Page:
Eye For Film >> Movies >> The Retreat (2020) Film Review
Reviewed by: Jennie Kermode
The end of a long relationship is a precarious time. Sometimes it can be an opportunity for growth and learning more about oneself, but at other times - especially if it has been the centre of one's life and one has few people around to help pick up the pieces - it can be seriously disorientating, prompting one to question key aspects of one's own identity. That's one thing when the relationship was a romantic one, because most people understand the feelings involved and are quick to sympathise. It can be harder to find support when parting ways with a best friend.
Adam (Dylan Grunn) is about to get married. Gus (Grant Schumacher) understands this; he likes Adam's fiancée and they get along. It will mean, however, that Adam moves away. In the future, they'll barely sees each other, though their lives have revolved around one another for years. Gus, though clearly hurting, doesn't want to be a dick about it. He decides that they should have one last great experience together, and that it should be whatever Adam wants. So off they go to the Adirondack High Peaks to spend a few days hiking. On the first night out among the trees, they make camp, build a fire, eat some food, take some hallucinogens. Then something happens and just when he is at his most vulnerable, struggling to distinguish between imagination and reality, Gus has to face the awful possibility that he has killed his best friend.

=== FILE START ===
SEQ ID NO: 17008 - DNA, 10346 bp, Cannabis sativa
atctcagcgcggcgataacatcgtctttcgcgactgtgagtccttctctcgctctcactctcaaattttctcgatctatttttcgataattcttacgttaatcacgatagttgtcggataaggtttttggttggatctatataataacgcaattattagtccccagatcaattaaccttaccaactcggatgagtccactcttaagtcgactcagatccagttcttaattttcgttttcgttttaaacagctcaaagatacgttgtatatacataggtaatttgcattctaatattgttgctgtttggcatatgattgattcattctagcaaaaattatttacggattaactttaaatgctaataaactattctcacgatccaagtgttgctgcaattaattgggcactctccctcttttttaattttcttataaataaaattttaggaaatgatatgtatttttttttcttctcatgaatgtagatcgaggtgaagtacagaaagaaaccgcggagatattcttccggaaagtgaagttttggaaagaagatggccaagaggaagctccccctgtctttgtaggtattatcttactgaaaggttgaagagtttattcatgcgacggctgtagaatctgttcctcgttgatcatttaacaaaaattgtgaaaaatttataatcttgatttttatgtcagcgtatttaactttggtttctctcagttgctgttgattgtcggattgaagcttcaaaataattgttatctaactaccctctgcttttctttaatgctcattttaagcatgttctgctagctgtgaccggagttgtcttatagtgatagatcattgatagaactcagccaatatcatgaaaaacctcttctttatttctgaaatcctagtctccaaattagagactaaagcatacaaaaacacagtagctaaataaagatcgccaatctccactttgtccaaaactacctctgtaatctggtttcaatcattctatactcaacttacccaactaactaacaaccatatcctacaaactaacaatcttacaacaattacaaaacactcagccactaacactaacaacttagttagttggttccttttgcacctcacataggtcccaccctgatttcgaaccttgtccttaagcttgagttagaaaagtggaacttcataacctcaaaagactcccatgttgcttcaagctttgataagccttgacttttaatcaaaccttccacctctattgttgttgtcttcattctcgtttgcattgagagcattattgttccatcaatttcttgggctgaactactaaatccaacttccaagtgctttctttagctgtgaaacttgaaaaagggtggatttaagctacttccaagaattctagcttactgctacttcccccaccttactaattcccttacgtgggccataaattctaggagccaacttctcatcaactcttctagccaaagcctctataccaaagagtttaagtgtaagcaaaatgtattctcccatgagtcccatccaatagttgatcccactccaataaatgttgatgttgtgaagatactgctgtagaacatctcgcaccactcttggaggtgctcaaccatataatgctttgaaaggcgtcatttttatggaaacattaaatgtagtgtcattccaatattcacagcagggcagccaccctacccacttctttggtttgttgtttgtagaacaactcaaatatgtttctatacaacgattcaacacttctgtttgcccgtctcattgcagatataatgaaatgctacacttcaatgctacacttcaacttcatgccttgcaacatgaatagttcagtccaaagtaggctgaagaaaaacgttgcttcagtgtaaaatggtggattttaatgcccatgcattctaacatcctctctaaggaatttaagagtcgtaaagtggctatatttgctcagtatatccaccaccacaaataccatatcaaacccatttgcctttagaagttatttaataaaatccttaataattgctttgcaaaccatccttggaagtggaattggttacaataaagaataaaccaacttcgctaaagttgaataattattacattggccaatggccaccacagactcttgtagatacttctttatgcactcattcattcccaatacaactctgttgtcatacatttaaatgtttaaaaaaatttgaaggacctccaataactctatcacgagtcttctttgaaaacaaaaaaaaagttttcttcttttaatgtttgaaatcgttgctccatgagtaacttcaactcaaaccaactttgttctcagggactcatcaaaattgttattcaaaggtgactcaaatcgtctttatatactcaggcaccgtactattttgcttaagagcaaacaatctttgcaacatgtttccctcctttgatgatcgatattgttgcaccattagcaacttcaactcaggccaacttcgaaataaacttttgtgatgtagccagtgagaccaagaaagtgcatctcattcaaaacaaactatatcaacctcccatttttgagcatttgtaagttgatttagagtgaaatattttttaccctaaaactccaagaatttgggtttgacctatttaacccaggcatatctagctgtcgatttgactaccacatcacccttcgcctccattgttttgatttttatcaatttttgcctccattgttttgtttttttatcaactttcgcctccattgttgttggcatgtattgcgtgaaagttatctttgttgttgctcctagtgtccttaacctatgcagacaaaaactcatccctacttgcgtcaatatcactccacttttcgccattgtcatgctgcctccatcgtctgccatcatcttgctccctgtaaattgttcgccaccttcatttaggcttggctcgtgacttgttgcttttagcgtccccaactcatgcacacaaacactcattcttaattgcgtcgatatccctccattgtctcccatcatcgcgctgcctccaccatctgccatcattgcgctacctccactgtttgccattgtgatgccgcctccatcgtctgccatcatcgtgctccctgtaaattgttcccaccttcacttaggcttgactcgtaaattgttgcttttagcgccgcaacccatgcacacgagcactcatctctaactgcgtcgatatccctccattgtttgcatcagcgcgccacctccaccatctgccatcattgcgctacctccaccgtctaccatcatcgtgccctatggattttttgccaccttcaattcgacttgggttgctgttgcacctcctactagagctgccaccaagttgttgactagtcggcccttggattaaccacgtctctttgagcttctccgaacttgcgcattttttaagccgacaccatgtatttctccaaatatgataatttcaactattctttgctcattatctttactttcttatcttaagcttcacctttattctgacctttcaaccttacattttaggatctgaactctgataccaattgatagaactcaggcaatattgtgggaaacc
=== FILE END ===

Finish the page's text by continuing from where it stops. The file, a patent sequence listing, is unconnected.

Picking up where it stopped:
North America has seen relatively few ancient monsters adopted into the folklore of its ethnically European inhabitants. Some Native people are uncomfortable with their use of the wendigo in stories and films because, as the local guest house owner points out here, it's not the monster itself that's dangerous so much as the idea of it. It's this idea that director Bruce Wemple is interested in. There are - or at least appear to be - corporeal monsters, but they are simply presented and don't have a big part to play in most of the narrative. The focus, instead, is in Gus' experience. Viewers are only admitted to this world through his point of view.
Uncertainty about what's real and what's not can often leave viewers feeling cold, unsure what they should invest their emotions in. Wemple presents us with s psychiatrist, ostensibly interviewing Gus after he has left the woods, who repeatedly insists that what's real doesn't matter - that what Gus needs to ficus on is the decision he must make or have made. This raises multiple questions. Is Gus himself dying? How significant is the presence or influence of the wendigo, real or not? Did Gus harbour an inner desire to kill his friend all along, perhaps inspired by anger at him for leaving? Is such anger inevitably as aspect of (any kind of) love? These are questions that you may not wish to ponder for too long. Ideas can be dangerous.
It's difficult to strike the right balance with a film like this. There are places where Wemple has bitten off more than he can chew, places where the film is unhelpfully tangled or simply too slow. Overall, however, his boldness pays off. Particularly effective is the use of paintings, photographs and other artistic motifs associated with the wendigo - also forbidden in some traditions. They add a disturbing element that will stay with you when the action is over.
Wemple's command of a range of distinctive cinematic styles changes the tone between different sections of the narrative nicely. There are also some upbeat tunes to put it all in perspective and inspire smiles at the end. It is, after all, just a story...Reviewed on: 08 Nov 2020